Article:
It's more complicated to buy an RV or motor coach than to purchase a car. Whether consumers are looking for a weekend getaway or a new life on the road, it takes footwork to find the right vehicle at the best price with affordable financing. Make no mistake about it; buying a new or used RV represents a financial commitment second only to buying a house.
The first step in any RV buyer's checklist is to identify the RV that best serves the kind of traveling/camping the family needs. Whether it's a small camping van for weekends and holiday escapes, or a bus-conversion residence on wheels, the cost of owning and maintaining the RV must be considered in the decision making process. Look at:
Routine maintenance and repairs
With the costs of motorhomes now spiraling north of the $100,000 mark, owners will want to spend more to keep their campers running well, water-tight, and trouble free. Actually, leaving an RV parked for an extensive period of time increases the need for changing oil, lubricating doors and windows, replacing pumps, water seals, worn belts, or tires.
By the rule of thumb, the larger the RV, the greater the ownership/operating costs. Insurance is scaled upwards according to the size of the RV. And so is the cost of fuel and oil. Even the most fuel-efficient RVs will only get 15-20 miles per gallon of gas. Fully outfitted RVs can come with bathrooms, kitchens, satellite television, wi-fi connections, and slide out rooms. The more you have, the more that can go wrong. Many owners are astonished to discover that they'll need to find a place to park their RV since it won't fit in their driveway or assigned parking spaces. Some pay for additional parking and those with room build sheltered parking pads.
Smart Tips for Buying an RV
Consumers should consider making a decision on the class of RV before they get into the shopping, test driving, or financing decisions. There are three major classes in motorhomes to consider.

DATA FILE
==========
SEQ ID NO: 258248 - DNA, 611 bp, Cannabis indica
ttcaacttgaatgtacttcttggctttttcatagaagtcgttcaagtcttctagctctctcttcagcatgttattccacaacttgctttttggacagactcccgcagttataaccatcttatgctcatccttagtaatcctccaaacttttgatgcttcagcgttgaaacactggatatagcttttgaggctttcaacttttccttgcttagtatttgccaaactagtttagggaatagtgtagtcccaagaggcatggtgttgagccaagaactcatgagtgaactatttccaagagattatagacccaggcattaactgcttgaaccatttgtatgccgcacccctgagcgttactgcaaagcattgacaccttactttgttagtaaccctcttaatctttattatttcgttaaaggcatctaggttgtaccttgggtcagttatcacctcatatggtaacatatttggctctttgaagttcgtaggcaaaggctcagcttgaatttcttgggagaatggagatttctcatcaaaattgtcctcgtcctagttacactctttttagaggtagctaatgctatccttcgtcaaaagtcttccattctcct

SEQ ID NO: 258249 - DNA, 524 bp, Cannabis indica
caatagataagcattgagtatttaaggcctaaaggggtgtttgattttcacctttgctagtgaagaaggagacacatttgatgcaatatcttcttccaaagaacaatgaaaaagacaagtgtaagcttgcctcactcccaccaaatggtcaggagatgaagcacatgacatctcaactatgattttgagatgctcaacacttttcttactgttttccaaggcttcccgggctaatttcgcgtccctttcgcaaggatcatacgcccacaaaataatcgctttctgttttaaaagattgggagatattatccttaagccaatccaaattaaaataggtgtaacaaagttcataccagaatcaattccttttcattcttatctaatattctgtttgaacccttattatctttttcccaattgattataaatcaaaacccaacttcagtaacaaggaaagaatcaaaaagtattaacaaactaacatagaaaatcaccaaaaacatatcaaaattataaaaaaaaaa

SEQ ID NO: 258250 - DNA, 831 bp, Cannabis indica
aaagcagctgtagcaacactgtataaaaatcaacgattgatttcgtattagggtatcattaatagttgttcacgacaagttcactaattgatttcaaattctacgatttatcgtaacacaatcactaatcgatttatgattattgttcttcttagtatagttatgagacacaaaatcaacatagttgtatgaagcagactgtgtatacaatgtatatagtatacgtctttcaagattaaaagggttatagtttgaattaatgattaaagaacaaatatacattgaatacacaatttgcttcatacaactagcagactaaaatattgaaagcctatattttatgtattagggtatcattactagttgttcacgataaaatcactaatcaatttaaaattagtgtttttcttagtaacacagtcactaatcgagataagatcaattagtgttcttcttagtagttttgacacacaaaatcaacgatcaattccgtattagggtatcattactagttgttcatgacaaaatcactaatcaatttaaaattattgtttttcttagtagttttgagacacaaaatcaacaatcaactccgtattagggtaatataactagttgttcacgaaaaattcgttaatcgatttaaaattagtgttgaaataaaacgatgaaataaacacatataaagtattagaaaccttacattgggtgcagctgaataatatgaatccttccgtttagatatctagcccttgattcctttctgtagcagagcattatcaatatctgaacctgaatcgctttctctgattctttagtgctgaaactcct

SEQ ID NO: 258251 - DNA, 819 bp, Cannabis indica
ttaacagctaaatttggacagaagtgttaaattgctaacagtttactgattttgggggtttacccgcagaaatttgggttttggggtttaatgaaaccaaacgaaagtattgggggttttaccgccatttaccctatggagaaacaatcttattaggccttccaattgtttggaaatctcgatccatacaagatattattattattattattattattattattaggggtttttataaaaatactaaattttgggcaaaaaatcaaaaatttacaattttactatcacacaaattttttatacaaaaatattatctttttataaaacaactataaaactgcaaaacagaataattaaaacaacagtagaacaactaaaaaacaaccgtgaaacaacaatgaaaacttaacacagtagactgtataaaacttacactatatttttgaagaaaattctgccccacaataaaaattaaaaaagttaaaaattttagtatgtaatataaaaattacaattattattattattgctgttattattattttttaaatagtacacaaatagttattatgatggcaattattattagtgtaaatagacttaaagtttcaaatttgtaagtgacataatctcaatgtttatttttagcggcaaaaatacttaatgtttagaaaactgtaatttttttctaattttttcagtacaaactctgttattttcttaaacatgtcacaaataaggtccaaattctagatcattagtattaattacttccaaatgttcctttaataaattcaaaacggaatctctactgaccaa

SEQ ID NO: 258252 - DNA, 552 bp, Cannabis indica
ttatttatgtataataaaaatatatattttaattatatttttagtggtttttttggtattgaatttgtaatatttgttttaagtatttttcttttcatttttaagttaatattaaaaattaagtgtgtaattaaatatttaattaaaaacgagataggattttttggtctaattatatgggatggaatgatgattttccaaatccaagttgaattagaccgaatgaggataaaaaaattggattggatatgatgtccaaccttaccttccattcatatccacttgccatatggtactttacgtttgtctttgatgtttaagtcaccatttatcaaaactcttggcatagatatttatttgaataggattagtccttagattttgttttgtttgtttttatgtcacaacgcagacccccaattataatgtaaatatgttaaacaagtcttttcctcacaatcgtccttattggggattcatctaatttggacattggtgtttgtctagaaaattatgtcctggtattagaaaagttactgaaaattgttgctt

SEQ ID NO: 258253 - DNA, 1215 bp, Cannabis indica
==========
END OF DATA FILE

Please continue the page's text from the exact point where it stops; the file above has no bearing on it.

- Class A motorhomes are the largest self-contained RVs on the market, ranging from $60,000 to over the century mark. They're built on truck or bus chassis and come fully equipped as a second home.
- Class B RVs are smaller, built on van chassis and achieve gas mileage in the neighborhood of conventional family vans. They're cheaper to own, maintain, and easier to handle on the road.
- Class C RVs are built on truck chassis and range from 20ft to 40ft in length. They have greater creature comforts than Class B RVs but cost less to own and maintain than Class A RVs.
Once the kind of RV is settled, buyers should proceed to completing this RV Buyer checklist:
1. Line Up Financing. Getting pre-qualified can spare buyers the headaches of wrangling with dealers who prefer to hook consumers into a monthly payment figure rather than on the total cost of the RV. The larger the down payment, the better chances of containing interest rates. Lenders making these simple interest loans typically require up to 20 percent down. Terms usually run 10-15 years but with the larger homes costing up to six figures, consumers will find 20-year terms. Note: RV owners with models featuring basic sleeping, cooking and toilet facilities may deduct interest paid on an RV loan as a second-home mortgage. Know your debt-to-income ratio. Lenders may want to review two years of tax returns. The bottom end of the credit scores for qualifying is around 640 for most lenders. Find out your score. Get competitive offers for RV loans here at LendingTree.
2. Take a Test Drive. Many an owner of a Class A or C RV have sold their vehicle after less than a year after discovering they can't handle it on the road or maintain it. The New York Times reports that RVs depreciate by 25 percent to 40 percent the moment the owner leaves the showroom. The $250,000 models lose about 50 percent immediately. It's wise to take at least a 20-minute test drive, trying out high-speed braking, parking, turns, freeway speed, and visibility. It can be smart to rent an RV in the target class (A, B, C) before shopping.
3. Considering a Used RV. If buying used, search out all the records on the vehicle. AARP recommends that shoppers ask for title, history, repair records, warranties, and maintenance receipts as well as obtaining a history report using the Vehicle identification Number at RV Checks. Give the used RV a complete inspection, particularly the appliances, fittings, watertight seals and weather stripping, septic system, oil pan, tires, and everything else that could need repair. The New York Times adds that it takes about six hours to fully check out an RV, comparted to the half hour a buyer may spend on a car. Remember, humidity is a big enemy. If the inside of the used RV smells, walk away.